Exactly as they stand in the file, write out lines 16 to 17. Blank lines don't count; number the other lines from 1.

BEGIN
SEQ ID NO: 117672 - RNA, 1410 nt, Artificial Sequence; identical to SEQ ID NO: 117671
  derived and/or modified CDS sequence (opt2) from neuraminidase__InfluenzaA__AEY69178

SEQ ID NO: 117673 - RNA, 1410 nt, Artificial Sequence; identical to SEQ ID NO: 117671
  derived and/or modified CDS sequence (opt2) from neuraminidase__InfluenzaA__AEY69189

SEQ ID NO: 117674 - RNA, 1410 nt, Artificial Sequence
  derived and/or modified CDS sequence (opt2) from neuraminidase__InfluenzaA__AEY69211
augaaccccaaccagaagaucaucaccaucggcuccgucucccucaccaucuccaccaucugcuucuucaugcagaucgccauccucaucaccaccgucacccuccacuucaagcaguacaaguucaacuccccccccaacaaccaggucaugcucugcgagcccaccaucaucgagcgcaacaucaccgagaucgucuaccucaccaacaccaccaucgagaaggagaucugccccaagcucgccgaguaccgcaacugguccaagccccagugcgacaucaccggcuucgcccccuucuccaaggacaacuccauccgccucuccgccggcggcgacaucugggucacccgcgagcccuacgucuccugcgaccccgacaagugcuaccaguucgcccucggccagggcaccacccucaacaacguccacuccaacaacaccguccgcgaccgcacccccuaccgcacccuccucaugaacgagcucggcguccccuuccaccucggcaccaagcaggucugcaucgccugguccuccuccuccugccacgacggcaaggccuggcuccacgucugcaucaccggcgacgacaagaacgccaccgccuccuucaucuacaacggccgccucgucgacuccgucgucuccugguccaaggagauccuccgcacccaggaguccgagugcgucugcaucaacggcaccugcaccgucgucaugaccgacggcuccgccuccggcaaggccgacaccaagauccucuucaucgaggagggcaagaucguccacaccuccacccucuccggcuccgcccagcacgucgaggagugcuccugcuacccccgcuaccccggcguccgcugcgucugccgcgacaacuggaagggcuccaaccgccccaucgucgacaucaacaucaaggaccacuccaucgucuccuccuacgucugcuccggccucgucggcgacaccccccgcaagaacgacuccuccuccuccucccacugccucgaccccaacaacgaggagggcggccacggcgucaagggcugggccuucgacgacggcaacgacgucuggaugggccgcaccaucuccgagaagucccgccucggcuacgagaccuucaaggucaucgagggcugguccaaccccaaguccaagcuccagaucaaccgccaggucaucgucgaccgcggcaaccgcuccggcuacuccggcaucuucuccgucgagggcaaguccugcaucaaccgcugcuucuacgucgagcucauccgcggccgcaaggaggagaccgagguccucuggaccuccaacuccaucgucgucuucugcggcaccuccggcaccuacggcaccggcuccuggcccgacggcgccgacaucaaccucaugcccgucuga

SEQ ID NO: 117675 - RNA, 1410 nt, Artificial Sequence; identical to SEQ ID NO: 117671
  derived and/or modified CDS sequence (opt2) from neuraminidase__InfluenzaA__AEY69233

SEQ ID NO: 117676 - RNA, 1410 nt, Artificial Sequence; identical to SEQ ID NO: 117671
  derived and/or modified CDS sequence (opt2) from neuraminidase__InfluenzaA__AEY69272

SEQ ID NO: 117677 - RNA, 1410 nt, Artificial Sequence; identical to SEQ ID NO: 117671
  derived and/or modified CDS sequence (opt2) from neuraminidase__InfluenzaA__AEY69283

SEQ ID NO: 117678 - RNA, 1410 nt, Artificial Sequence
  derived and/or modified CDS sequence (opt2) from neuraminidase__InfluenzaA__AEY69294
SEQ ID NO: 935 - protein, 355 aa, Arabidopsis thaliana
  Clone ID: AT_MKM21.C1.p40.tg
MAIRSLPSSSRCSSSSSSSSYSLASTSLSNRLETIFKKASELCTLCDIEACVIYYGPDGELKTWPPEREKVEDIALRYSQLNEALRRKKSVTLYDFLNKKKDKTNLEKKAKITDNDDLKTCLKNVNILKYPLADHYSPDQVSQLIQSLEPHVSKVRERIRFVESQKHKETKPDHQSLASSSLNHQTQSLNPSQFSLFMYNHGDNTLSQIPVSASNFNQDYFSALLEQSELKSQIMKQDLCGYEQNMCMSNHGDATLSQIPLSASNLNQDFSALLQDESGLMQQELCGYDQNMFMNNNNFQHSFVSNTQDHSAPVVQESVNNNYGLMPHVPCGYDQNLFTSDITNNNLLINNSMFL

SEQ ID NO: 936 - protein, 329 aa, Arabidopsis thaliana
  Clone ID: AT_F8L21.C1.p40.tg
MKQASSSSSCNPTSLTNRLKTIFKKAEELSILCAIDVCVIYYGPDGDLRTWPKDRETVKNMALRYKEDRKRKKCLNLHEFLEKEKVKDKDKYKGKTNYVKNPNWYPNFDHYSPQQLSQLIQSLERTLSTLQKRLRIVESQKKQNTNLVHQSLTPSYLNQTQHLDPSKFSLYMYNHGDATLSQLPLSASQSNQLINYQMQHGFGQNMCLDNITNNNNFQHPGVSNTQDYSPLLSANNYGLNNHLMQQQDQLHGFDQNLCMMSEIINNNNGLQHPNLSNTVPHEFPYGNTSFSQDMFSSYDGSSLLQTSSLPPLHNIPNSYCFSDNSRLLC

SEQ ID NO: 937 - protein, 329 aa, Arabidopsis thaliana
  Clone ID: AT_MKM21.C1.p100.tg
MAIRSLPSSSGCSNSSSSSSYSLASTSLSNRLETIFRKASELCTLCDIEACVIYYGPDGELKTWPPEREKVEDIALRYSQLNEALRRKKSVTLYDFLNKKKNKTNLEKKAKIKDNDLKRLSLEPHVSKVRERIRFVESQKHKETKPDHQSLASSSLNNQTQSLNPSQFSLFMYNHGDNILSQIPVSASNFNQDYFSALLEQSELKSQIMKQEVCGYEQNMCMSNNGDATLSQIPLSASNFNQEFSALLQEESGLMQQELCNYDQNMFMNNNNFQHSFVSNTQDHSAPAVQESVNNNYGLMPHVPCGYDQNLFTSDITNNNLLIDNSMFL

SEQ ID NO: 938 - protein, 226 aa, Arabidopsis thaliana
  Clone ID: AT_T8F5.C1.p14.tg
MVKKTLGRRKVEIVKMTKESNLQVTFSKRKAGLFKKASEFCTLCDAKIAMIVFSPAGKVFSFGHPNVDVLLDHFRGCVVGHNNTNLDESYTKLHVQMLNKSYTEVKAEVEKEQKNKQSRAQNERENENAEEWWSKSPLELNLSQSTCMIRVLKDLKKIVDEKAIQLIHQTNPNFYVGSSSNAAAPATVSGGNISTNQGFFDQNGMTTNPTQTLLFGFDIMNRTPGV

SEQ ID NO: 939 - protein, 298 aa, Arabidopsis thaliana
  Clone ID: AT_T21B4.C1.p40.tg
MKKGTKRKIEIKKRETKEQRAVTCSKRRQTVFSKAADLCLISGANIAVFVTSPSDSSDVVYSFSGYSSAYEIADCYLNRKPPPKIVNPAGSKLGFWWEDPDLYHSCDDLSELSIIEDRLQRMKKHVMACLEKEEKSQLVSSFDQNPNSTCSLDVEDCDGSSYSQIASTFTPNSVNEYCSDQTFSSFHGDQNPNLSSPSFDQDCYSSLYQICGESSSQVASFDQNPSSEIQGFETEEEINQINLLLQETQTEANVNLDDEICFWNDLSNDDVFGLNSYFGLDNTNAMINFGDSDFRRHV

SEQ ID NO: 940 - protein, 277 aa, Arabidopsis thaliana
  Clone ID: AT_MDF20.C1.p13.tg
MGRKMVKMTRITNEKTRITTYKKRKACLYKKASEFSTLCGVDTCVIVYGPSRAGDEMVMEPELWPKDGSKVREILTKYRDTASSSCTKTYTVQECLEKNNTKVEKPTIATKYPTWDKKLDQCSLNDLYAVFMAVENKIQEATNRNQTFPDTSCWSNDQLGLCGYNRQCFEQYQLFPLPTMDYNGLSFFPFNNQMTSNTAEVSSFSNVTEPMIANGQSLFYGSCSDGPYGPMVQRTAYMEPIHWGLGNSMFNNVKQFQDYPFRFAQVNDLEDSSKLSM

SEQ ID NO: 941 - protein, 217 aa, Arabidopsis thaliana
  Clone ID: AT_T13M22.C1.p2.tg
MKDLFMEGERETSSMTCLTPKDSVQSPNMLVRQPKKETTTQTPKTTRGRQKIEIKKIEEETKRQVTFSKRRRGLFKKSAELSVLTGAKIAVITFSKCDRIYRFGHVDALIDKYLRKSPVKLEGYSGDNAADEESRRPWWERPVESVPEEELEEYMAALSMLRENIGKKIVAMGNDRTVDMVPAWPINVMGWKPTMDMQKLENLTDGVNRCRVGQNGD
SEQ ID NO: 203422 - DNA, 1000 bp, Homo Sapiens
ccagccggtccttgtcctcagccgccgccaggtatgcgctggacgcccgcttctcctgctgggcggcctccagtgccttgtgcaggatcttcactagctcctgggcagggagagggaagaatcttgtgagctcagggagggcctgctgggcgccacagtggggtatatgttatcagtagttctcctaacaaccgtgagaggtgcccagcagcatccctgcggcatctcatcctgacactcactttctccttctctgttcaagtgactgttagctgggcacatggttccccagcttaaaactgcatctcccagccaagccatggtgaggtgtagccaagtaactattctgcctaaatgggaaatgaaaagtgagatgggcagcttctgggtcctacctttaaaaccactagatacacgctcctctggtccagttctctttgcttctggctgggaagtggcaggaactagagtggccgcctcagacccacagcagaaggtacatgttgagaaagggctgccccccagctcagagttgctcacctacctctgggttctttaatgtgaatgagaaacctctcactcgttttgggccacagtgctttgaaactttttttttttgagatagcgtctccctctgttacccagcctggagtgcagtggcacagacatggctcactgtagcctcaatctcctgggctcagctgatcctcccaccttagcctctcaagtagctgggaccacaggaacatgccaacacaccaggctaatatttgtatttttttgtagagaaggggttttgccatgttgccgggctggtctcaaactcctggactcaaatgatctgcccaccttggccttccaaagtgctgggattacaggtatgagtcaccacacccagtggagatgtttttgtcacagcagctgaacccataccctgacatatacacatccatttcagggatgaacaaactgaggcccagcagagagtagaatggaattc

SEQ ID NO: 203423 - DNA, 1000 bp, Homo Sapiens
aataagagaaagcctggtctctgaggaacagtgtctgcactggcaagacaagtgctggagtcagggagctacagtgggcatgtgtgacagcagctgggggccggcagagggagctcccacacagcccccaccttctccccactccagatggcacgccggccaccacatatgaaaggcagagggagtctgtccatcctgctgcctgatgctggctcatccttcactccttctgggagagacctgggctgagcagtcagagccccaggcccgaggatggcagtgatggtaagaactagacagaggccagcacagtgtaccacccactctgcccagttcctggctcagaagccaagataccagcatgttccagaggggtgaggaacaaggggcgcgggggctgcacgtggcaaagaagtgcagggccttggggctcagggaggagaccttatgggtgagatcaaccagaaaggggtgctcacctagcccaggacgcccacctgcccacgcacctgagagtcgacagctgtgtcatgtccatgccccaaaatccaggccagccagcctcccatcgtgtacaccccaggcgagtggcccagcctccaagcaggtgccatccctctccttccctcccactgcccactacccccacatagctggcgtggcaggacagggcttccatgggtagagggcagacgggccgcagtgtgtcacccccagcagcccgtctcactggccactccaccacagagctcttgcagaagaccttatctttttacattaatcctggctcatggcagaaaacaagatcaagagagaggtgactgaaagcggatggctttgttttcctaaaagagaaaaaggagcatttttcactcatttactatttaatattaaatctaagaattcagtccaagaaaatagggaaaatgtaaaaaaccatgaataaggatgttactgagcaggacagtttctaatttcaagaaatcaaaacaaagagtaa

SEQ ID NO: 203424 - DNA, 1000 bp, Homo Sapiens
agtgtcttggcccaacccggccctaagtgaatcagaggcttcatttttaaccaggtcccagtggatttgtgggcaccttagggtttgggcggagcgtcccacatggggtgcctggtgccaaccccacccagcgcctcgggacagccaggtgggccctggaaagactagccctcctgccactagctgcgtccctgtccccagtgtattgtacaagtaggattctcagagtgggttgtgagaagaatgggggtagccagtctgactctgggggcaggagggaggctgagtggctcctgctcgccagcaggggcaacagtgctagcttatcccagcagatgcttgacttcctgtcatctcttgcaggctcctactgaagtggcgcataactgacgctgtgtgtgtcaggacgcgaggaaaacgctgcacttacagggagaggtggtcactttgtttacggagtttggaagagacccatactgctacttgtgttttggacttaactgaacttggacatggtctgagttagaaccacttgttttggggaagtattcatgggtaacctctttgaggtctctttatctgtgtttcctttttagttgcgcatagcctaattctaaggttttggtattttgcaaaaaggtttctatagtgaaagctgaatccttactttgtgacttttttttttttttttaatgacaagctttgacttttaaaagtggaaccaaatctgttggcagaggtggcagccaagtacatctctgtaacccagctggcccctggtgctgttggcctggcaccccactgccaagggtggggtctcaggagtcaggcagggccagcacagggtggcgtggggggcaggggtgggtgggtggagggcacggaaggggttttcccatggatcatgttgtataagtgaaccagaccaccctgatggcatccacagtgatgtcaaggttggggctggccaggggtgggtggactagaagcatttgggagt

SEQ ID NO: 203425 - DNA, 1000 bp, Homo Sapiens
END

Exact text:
SEQ ID NO: 935 - protein, 355 aa, Arabidopsis thaliana
  Clone ID: AT_MKM21.C1.p40.tg